“And when the days of her purification according to the law of Moses were accomplished, they brought him to Jerusalem, to present him to the Lord”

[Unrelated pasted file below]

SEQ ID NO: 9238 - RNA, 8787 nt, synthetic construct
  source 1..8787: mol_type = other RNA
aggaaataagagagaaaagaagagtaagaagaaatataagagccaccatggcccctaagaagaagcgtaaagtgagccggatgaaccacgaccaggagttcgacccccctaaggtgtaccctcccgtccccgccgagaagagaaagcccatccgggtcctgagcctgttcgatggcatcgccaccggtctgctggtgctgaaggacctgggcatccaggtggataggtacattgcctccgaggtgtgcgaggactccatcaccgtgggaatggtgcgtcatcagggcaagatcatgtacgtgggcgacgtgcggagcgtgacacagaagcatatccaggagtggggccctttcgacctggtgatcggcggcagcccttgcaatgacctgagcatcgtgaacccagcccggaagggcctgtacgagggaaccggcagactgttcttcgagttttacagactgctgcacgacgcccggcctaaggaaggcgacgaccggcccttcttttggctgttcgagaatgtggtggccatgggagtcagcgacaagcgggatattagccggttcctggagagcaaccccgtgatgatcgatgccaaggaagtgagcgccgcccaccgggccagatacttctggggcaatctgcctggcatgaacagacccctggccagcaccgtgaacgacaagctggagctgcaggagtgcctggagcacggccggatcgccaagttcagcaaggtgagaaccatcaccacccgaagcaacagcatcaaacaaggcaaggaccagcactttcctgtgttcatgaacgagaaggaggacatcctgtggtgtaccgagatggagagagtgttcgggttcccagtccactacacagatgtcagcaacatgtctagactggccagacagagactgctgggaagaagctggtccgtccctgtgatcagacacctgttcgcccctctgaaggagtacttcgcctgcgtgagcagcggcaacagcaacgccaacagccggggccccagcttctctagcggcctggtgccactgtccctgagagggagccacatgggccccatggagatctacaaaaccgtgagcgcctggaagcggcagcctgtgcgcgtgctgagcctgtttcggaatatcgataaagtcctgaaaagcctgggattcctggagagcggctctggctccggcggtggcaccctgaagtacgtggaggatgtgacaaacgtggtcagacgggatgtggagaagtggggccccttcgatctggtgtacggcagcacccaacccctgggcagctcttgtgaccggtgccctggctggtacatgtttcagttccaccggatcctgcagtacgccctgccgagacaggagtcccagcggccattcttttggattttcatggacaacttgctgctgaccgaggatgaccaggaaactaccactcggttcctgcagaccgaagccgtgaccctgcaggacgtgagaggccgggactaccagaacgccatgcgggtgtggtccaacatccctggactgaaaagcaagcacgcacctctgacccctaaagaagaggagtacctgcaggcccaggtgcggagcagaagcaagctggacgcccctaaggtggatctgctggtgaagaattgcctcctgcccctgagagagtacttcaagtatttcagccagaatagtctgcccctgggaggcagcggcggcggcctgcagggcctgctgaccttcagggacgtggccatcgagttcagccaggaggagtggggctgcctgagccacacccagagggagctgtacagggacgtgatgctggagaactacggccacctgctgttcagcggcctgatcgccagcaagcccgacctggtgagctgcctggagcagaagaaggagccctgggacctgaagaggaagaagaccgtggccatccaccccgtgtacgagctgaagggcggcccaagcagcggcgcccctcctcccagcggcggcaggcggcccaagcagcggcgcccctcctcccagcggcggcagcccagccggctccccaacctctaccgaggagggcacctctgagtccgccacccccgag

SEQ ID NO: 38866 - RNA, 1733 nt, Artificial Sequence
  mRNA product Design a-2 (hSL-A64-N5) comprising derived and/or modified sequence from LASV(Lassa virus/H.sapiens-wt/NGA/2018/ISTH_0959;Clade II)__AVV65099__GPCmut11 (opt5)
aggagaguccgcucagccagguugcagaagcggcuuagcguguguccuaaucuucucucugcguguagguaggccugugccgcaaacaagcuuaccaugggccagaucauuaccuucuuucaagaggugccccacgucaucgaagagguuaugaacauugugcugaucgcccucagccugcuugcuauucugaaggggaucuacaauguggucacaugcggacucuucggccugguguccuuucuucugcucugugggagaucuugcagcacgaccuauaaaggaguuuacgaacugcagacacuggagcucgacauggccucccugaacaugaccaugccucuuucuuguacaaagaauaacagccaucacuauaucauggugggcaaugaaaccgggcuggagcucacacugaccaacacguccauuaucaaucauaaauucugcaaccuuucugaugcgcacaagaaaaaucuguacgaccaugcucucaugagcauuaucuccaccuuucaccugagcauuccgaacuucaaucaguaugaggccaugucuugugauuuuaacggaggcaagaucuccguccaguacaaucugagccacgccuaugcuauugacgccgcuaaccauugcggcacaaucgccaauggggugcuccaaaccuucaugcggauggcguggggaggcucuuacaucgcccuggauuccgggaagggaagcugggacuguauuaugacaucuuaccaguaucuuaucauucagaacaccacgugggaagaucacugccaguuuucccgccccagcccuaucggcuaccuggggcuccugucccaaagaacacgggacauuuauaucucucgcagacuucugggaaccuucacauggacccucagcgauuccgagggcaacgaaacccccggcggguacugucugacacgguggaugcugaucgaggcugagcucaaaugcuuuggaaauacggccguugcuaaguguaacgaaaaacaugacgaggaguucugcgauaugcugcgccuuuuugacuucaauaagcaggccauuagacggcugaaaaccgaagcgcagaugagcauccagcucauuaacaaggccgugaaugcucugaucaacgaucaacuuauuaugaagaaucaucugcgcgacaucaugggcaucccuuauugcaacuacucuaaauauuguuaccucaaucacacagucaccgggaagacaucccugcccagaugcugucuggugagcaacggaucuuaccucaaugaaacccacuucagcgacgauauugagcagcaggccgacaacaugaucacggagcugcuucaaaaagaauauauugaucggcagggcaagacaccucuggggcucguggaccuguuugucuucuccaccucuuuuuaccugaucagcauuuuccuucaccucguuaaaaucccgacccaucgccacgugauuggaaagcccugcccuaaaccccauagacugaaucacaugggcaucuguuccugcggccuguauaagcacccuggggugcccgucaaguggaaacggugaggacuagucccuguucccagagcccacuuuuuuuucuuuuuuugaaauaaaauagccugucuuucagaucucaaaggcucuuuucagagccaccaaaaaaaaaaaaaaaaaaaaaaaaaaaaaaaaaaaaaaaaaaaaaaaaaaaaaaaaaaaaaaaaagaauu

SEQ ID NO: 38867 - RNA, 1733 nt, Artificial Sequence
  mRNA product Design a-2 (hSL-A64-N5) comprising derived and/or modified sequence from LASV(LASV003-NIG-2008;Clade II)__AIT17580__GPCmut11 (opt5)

Even in the birth narratives of Jesus, we see a remarkable shadow of the Lord’s redemptive work. He had been conceived in a virgin womb and protected by a man named Joseph (Matthew 2). Forty days later He came to the Temple to be presented to the Lord. At the end of His earthly ministry, Christ was placed in a virgin tomb, also protected by a name named Joseph (Mathew 27:57-60). Forty days after His resurrection from the dead He ascended to Heaven itself, to God’s Temple not made with hands (Isaiah 6:1; Psalm 11:4; Hebrews 9:11, 24). While the infant Jesus was in Jerusalem, a “just and devout” man named Simeon recognized the Lord for who He was, and he praised God for allowing Him to see the Christ before he died (Luke 2:26-32). He then addressed Mary. “Behold, this child is set for the fall and rising again of many in Israel,” he told her, “and for a sign which shall be spoken against; (Yea, a sword shall pierce through thy own soul also,) that the thoughts of many hearts may be revealed” (Luke 2:34-35). As the living Word incarnate, the Lord would discern and make known the thoughts and intents of the heart (Hebrews 4:12). He would bring proper perspective, revealing by their reaction to Him, who was honorable and who was not. Furthermore, the Lord would see to it that at conversion, repentant sinners would die to themselves (they would “fall”), but would be raised to walk in newness of life (Romans 6:2-5). Simeon referred to Jesus as a “sign,” a term that reminds us of Isaiah’s great prophecy. “The Lord himself shall give you a sign,” wrote the prophet, “Behold, a virgin shall conceive, and bear a son, and shall call his name Immanuel” (Isaiah 7:14). Simeon’s mention of the sword that would piece Mary’s heart no doubt refers to the sorrow and anguish she would experience during the passion of her dear son (cf. Jeremiah 4:10). While in Jerusalem, Mary and Joseph also encountered the prophetess, Anna (Luke 2:36). This godly woman served God continually in the Temple with fastings and prayers (Luke 2:37). When she saw Jesus, she “gave thanks likewise unto the Lord, and spake of him to all them that looked for redemption in Jerusalem” (Luke 2:38). Simeon and Anna’s double testimony to the Lord reminds us that “in the mouth of two or three witnesses shall every word be established” (2 Corinthians 13:1). This is the Lord’s gentle way of reminding us that there is equality between men and women; their witness to Jesus is equally valuable. As recipients of the saving benefits of the Lord’s redemptive work, may we also give faithful, powerful, and irresistible witness to the goodness of God in Christ.